Pikistore offers up purty-lookin' DIY T-shirt stores

Make T-shirts, then sell them with Pikistore.

Josh Lowensohn Former Senior Writer
Josh Lowensohn joined CNET in 2006 and now covers Apple. Before that, Josh wrote about everything from new Web start-ups, to remote-controlled robots that watch your house. Prior to joining CNET, Josh covered breaking video game news, as well as reviewing game software. His current console favorite is the Xbox 360.
Josh Lowensohn
2 min read

CafePress and Zazzle got you down when it comes to creating an online shop? Check out Pikistore: half site builder, half storefront for apparel that sports whatever logo or design you slap on it. Believe it or not, it's from the same folks who did Comeeko, the zany comic strip builder our very own Caroline McCarthy called "the best Web 2.0 site in the history of the universe."

Pikistore's angle for getting you to ditch the competition is that the online store you create exists as its own destination, and not a part of some network of other stores. Unlike Etsy, which does something similar, but focuses on the network of other sellers as part of the advantage, Pikistore is all about letting you create a standalone site that can be populated with your products, then giving you a way to make it a part of your existing blog or Web site.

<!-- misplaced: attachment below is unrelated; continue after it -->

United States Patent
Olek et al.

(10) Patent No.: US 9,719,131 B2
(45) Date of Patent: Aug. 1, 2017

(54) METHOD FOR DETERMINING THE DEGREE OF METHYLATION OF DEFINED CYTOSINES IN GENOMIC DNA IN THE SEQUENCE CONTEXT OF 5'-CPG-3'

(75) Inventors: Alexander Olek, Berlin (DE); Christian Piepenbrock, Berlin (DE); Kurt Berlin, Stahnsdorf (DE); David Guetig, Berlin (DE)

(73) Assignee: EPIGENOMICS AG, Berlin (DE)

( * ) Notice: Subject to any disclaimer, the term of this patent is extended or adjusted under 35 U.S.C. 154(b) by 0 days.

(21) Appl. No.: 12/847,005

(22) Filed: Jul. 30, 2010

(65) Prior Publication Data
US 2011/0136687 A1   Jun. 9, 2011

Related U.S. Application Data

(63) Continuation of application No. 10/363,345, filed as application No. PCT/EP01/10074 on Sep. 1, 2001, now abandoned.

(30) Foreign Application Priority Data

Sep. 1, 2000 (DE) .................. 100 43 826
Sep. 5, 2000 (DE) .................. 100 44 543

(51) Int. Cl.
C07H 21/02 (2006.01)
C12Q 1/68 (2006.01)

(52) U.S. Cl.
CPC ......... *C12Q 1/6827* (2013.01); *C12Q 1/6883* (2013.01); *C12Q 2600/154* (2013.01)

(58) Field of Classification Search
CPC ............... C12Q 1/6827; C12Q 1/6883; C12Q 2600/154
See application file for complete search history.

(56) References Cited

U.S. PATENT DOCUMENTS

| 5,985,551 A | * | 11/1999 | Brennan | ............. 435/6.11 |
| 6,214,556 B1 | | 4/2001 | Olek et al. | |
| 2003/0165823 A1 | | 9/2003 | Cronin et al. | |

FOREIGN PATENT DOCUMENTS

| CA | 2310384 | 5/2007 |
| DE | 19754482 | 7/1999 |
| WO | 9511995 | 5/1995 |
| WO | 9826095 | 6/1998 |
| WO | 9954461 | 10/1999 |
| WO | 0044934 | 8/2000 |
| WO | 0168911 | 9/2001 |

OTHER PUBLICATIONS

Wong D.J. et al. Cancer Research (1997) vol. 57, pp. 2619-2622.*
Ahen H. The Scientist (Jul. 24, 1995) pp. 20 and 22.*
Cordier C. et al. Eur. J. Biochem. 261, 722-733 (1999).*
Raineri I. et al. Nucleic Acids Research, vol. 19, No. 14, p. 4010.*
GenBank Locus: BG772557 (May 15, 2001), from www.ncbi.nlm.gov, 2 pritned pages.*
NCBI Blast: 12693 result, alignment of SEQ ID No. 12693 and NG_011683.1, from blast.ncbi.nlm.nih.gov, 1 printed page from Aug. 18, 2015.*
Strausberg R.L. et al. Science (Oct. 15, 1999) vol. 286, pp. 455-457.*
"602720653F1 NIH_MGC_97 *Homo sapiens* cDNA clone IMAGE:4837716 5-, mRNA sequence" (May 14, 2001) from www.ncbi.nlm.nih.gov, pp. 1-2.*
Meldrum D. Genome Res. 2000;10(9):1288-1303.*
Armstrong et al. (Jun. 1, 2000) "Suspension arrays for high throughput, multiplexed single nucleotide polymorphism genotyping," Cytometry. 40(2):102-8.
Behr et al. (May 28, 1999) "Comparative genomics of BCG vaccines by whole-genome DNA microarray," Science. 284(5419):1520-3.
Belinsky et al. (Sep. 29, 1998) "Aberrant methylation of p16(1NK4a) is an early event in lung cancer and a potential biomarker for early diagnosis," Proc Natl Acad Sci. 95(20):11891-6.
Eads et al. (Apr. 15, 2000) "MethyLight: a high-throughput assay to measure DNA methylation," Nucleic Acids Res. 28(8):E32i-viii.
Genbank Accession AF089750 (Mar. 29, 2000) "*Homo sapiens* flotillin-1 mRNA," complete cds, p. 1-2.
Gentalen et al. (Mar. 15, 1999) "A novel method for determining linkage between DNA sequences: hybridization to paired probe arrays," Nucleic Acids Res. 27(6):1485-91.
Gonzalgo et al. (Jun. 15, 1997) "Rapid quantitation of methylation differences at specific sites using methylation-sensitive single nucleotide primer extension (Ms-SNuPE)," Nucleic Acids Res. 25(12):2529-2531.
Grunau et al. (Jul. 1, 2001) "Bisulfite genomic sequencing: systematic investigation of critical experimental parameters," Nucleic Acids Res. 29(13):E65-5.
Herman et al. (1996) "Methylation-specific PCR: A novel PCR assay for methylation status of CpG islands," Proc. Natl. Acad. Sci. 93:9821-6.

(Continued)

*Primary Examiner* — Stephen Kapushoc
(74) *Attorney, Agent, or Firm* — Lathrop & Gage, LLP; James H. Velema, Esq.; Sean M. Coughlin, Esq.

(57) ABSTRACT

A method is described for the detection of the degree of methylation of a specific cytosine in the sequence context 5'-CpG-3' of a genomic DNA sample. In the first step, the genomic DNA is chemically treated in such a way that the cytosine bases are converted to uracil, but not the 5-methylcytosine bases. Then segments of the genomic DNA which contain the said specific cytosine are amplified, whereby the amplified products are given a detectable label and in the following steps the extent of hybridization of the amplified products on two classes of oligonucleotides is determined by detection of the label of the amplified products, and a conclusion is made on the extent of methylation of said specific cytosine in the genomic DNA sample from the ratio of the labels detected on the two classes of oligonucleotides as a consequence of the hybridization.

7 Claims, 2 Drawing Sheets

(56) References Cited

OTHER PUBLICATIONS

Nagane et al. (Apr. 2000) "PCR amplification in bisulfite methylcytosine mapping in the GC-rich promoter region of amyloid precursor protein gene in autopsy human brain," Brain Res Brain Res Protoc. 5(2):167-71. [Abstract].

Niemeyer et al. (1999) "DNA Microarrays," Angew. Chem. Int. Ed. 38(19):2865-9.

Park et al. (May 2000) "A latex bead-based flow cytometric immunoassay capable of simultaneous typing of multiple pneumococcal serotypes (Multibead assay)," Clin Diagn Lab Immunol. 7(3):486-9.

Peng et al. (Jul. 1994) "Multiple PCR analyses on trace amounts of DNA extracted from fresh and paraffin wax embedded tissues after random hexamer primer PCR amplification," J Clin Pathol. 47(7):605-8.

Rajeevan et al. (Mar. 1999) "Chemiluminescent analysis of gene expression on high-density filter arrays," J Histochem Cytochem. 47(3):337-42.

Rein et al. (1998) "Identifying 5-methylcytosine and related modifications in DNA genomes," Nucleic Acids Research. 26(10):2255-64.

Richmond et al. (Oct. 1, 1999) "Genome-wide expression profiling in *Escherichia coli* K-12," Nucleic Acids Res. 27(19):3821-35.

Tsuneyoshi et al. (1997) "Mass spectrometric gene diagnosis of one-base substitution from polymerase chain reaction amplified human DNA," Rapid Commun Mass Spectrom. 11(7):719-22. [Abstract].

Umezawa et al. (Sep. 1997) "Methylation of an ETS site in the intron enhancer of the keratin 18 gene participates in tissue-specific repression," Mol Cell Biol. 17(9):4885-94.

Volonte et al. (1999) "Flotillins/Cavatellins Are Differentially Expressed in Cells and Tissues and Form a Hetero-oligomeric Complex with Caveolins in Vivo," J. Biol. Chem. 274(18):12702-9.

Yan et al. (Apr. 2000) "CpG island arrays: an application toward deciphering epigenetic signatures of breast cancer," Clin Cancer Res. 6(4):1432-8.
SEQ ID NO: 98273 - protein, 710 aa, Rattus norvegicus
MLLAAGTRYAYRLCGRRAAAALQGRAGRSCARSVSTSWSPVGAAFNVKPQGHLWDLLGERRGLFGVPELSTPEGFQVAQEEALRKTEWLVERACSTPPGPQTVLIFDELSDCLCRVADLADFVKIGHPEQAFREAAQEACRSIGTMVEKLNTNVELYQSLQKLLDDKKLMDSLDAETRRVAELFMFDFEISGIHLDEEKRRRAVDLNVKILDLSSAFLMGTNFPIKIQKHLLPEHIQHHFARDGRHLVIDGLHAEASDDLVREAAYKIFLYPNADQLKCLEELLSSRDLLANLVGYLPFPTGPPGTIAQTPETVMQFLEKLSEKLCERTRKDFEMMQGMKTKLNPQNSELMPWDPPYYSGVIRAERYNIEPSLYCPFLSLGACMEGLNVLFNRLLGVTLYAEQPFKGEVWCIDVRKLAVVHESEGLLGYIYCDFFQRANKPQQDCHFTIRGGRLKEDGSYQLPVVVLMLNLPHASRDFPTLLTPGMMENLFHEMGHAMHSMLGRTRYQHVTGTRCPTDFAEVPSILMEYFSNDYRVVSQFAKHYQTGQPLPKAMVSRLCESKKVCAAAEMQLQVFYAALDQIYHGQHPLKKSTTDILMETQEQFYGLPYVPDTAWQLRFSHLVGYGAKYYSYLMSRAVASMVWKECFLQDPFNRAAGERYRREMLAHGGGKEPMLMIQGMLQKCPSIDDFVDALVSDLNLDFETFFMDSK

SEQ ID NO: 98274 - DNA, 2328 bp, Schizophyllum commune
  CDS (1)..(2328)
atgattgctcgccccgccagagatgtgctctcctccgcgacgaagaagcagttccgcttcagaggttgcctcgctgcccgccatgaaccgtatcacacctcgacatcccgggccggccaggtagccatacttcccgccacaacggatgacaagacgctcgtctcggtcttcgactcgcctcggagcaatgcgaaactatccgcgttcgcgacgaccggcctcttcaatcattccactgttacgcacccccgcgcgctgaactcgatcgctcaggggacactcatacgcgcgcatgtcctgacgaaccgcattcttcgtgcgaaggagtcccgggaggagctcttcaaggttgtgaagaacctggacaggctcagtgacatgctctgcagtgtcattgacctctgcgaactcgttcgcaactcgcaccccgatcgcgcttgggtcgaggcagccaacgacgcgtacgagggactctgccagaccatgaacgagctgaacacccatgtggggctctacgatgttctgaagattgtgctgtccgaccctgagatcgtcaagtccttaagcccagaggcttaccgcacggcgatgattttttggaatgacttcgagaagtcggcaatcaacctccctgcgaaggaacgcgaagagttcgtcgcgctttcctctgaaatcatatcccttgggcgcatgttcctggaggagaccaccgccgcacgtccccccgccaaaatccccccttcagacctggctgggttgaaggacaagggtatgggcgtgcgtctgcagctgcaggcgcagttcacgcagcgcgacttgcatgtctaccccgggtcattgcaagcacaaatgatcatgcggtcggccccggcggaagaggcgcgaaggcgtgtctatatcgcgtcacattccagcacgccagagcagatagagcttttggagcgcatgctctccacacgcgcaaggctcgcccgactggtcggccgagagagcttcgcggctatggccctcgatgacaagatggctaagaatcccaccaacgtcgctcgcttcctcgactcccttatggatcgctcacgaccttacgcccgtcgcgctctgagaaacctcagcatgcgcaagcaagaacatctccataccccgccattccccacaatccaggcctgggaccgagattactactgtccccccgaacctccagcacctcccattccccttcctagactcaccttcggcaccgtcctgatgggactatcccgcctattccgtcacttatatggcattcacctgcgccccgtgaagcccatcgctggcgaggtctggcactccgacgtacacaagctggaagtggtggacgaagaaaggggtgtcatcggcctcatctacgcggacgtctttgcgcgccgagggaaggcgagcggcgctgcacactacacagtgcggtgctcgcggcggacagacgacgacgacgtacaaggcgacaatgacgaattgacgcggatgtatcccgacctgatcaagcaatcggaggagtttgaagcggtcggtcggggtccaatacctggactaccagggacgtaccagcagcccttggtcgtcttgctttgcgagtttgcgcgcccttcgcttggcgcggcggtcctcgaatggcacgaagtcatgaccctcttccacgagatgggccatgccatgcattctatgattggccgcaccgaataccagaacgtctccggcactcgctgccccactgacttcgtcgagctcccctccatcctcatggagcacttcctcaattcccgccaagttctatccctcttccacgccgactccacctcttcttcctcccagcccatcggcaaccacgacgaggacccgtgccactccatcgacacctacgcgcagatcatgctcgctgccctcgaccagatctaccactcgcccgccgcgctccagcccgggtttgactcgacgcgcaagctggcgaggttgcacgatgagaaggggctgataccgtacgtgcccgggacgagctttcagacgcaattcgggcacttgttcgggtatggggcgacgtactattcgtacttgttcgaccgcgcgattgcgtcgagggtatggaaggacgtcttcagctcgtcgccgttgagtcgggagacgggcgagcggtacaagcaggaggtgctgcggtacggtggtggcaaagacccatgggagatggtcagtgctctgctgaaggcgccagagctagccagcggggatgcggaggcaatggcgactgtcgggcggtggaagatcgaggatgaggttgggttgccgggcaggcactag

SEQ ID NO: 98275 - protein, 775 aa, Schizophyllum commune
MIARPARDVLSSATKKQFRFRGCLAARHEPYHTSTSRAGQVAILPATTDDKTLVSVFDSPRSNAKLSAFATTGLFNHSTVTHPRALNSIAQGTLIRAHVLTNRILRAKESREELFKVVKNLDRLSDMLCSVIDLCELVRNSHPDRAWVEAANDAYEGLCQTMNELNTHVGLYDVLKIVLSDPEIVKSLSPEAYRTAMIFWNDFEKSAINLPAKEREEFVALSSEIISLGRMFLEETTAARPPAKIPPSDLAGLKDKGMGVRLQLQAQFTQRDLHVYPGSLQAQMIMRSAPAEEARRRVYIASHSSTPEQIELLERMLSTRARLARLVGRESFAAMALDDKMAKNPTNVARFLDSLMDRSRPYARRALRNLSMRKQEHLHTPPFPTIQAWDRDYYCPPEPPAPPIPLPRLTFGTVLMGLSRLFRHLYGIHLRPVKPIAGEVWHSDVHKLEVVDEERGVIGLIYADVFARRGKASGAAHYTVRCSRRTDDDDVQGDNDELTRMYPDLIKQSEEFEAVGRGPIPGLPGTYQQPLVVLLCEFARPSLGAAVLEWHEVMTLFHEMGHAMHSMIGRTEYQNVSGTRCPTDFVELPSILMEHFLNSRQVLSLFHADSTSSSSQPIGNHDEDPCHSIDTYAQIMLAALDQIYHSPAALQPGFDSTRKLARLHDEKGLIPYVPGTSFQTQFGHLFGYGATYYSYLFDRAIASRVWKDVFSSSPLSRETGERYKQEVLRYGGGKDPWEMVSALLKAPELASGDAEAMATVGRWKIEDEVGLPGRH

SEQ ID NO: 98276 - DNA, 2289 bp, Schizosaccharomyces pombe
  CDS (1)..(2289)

Make your own custom clothing to sell to others with Pikistore. CNET Networks

Like other online store makers, you can take a single design and populate it onto a multitude of products without any sort of repetitive reproduction on your part. You can set markups and pick which items you want to let people buy, from mouse pads to kitchen aprons

It's also got some pretty slick-looking themes you can simply click to reskin the look and feel of your site entirely. Users of WordPress, or any other Web-based blogging platforms, will be familiar with this, and advanced users who want to make the store simply match with their own sites can drop in the CSS and whatever graphics, logos, or backgrounds they're using. It also allows for free domain transfer, which means you can link it up to your site's .com address without having to sign up for a premium plan--something we've rarely seen in a free service.

As for the end result, most shirts cost around what they do on other services. Like competing customized apparel stores, you don't need to buy an entire box of shirts; you and your buyers can simply get them printed one at a time. What makes the service especially cool is that you can track some of these purchasing statistics, including where your traffic is coming from, and what operating system and browser your users are on. These are the things typically found in analytics services like Google's, and very helpful for helping to target your audience.

I'm interested to see what the final product looks like, something that can only be accomplished with a purchase. My one qualm is that the editing interface might be a bit complicated to novice users who aren't comfortable going outside the general boundaries of the theme builder. Intermediate to advanced users, however, will find the high level of customization refreshing.

In case you're wondering what it's like to actually create a Pikistore, I've embedded an example video below (try not to get nauseous):

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